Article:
Saturday, August 30, 2008

Think Hard

I'm running out of computer battery and on my way to Brazil, so I'll be quick.

Obama's speech.

Beautiful. Eloquent. Centrist. He marked 232 years of struggle instead of +389. He spoke of a preacher from Georgia but did not speak his name. He spoke of environmental justice then littered the floor of Invesco Center with gazillions of little red, blue and white pieces of paper (trees, sir?)

It was like watching a movie. It was unreal. And from the moment he stepped off stage, I became part of the Obama Generation. And if he becomes the next president of the United States, my children will be post-Obama children. That's the reality, folks. Deal with it.

But he did not speak his name.

I know this is a problem for those who feel that the 45 year anniversary of the March on Washington should have been showcased and highlighted by the Democratic presidential nominee. And so now that he did not, is this moment less historic? Anyone watching the speech live would be a fool to say so. Anyone watching the speech at home with tears pouring down their cheeks knows better. I watched the speech standing, in heels, in a restaurant that muted its elevator music to broadcast his words from the windows to the wall, whose patrons clapped in time with the audience, and shouted as he entered and left the stage. Who took pictures of the image projected on a white screen.

Yeah. Historic is an understatement.

I myself am pleasantly surprised that he did not invoke King like everyone else does. It would have appeared trite. It would have appeared political. I personally think it would have alienated more voters (and not just white ones) than it would have won.

And it would have fed into our [insert any community you like here] messianic tendencies.

Obama is not going to save this country.

And he never said he was.

"This election is not about me. It is about you."

King was not going to save this country. And I say that as someone who sees Dr. King not as what-had-happened-was but as historic. I am too young. I am too close to the textbooks and the History Channel. My ancestors may or may not have walked with King. They may have been too busy trying to survive. I don't know.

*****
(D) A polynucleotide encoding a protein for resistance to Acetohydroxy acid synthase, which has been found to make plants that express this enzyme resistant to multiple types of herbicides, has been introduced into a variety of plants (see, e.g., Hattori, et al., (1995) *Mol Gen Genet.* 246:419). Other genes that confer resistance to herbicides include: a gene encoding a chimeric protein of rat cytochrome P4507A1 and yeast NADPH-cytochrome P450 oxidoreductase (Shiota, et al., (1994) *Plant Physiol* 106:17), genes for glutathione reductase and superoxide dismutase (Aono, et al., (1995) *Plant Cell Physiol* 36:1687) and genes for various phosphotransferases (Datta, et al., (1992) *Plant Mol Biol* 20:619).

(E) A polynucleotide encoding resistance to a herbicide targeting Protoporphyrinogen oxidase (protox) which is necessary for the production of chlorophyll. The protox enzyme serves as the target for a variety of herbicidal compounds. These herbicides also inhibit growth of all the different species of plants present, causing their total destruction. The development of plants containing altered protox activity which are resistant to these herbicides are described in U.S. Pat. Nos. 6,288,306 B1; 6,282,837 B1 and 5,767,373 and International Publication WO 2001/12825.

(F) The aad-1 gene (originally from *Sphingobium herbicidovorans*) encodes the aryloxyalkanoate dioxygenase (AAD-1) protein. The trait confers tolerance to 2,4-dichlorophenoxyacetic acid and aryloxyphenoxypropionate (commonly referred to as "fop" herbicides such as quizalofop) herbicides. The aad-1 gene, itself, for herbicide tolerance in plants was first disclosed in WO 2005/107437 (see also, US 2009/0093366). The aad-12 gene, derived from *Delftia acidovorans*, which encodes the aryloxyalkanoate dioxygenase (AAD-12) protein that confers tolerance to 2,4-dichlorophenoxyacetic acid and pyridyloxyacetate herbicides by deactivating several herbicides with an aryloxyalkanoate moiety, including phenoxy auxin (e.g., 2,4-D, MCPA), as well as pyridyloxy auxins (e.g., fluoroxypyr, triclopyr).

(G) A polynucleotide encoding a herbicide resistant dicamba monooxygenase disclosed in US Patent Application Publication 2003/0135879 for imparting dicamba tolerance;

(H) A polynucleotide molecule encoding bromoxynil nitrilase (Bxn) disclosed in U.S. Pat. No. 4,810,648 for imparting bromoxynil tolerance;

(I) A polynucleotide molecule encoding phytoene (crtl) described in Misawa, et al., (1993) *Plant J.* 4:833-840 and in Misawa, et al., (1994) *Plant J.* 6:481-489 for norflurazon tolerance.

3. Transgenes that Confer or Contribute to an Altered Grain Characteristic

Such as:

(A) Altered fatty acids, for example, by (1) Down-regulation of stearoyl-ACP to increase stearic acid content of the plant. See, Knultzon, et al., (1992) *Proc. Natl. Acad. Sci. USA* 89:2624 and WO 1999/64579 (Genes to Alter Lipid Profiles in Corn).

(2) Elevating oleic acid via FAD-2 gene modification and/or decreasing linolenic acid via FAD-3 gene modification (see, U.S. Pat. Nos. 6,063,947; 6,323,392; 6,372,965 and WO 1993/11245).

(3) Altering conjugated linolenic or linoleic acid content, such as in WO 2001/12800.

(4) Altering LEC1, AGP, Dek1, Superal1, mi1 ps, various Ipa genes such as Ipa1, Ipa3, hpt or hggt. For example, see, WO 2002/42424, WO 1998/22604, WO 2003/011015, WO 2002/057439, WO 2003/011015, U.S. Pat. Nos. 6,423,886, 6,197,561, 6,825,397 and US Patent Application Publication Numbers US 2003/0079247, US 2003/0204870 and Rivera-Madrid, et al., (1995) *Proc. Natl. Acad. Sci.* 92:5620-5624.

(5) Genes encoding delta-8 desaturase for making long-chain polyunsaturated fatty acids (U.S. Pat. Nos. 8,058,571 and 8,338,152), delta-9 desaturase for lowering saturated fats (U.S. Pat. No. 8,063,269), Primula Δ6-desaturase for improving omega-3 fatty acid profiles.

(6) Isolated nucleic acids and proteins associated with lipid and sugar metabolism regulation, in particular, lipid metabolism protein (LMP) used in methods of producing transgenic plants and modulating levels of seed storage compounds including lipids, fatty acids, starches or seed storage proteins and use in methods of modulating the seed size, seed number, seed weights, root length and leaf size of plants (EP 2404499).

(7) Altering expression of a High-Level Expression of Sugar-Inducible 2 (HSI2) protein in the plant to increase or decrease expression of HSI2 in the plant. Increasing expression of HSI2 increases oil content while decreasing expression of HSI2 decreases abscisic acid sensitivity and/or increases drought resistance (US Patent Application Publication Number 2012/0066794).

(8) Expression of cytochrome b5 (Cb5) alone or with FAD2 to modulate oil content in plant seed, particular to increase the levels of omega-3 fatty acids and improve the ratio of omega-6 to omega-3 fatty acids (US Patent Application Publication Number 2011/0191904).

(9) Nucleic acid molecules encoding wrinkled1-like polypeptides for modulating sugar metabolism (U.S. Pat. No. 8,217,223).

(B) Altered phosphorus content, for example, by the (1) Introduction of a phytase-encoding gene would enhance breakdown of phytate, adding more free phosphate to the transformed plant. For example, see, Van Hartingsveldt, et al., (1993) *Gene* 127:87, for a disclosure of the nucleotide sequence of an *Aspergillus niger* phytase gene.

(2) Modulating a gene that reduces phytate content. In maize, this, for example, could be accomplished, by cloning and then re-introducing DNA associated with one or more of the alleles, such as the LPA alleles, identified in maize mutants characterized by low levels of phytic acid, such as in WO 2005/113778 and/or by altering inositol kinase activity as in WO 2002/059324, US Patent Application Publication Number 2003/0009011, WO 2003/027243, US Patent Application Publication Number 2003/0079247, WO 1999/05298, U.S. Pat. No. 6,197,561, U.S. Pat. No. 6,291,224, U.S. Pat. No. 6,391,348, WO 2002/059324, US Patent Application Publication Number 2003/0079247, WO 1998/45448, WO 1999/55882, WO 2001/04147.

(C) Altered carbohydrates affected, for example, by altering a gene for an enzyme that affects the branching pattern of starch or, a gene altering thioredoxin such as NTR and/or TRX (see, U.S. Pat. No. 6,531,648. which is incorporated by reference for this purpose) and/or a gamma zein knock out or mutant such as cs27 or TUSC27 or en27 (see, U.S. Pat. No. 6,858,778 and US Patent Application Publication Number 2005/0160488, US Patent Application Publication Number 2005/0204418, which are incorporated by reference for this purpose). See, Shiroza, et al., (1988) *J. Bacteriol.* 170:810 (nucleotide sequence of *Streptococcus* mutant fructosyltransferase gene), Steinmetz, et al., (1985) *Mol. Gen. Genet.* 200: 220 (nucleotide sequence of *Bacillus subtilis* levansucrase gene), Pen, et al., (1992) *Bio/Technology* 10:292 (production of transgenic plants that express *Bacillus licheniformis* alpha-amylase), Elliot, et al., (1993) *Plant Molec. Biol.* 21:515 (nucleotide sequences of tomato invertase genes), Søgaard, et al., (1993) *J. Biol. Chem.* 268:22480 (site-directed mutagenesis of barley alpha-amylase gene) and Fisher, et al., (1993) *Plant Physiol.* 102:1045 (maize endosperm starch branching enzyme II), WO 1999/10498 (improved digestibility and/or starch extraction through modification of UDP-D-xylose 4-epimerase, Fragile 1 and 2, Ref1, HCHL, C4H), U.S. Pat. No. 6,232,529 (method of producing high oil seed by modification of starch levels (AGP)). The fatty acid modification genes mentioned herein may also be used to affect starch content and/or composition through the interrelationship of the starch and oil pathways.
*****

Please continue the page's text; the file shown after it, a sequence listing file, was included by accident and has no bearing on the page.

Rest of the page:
But it is dangerous--DANGEROUS--to begin to treat Obama as the change that we wish to see in this world and in this country.

WE need to be the change we wish to see.

And it is unfair to ask him to stand up on the national stage and embody a black community that only has its roots in the civil rights movement. He embodies a much more complicated history, one that is about blackness, and immigrant status, and working class and single mom-dom.

I wish he'd said certain things, yes. I wish he'd been slightly less centrist, sure.

But wish him to invoke Dr. King? No. Not that.

And about Palin:

This election is about to be more historic--and harder to win if you are a Democrat--than any election we have ever seen.

And whether Obama or McCain wins, it has the potential to tear us--the Left--apart in a way that we haven't seen since Reagan.

Democrats, we have an opportunity here. That's what this is. An opportunity to rise about trashy, spiteful and painful identity politics and character-smashing. We have an opportunity to redeem ourselves from the vicious sniping at HRC that led us into accusations of misogyny. Our anger at each other is nothing at this point. As Audre Lorde wrote, and I wish I could remember the quote before I run out of computer battery, but the gist of it was that our anger at each other is nothing compared to their hatred of us.

We need to upgrade ourselves. We need to step up our analysis. And we need to think fast because the Republicans are used to using underhanded tactics to get what they want. And they would like for us, the party of Lincoln, liberals and gay rights, to get caught in gender/race/class tangles.

The motto for the next 60 days is Think Hard.

3 comments:

sokari said...

what a wonderful piece.

Carmen D. said...

Great post. I agree with you 100% about the King reference...or lack thereof. But a Fannie Lou Hamer reference might have been nice and still unexpected.

ThummyB said...

Good commentary, as always. Be safe in Brazil.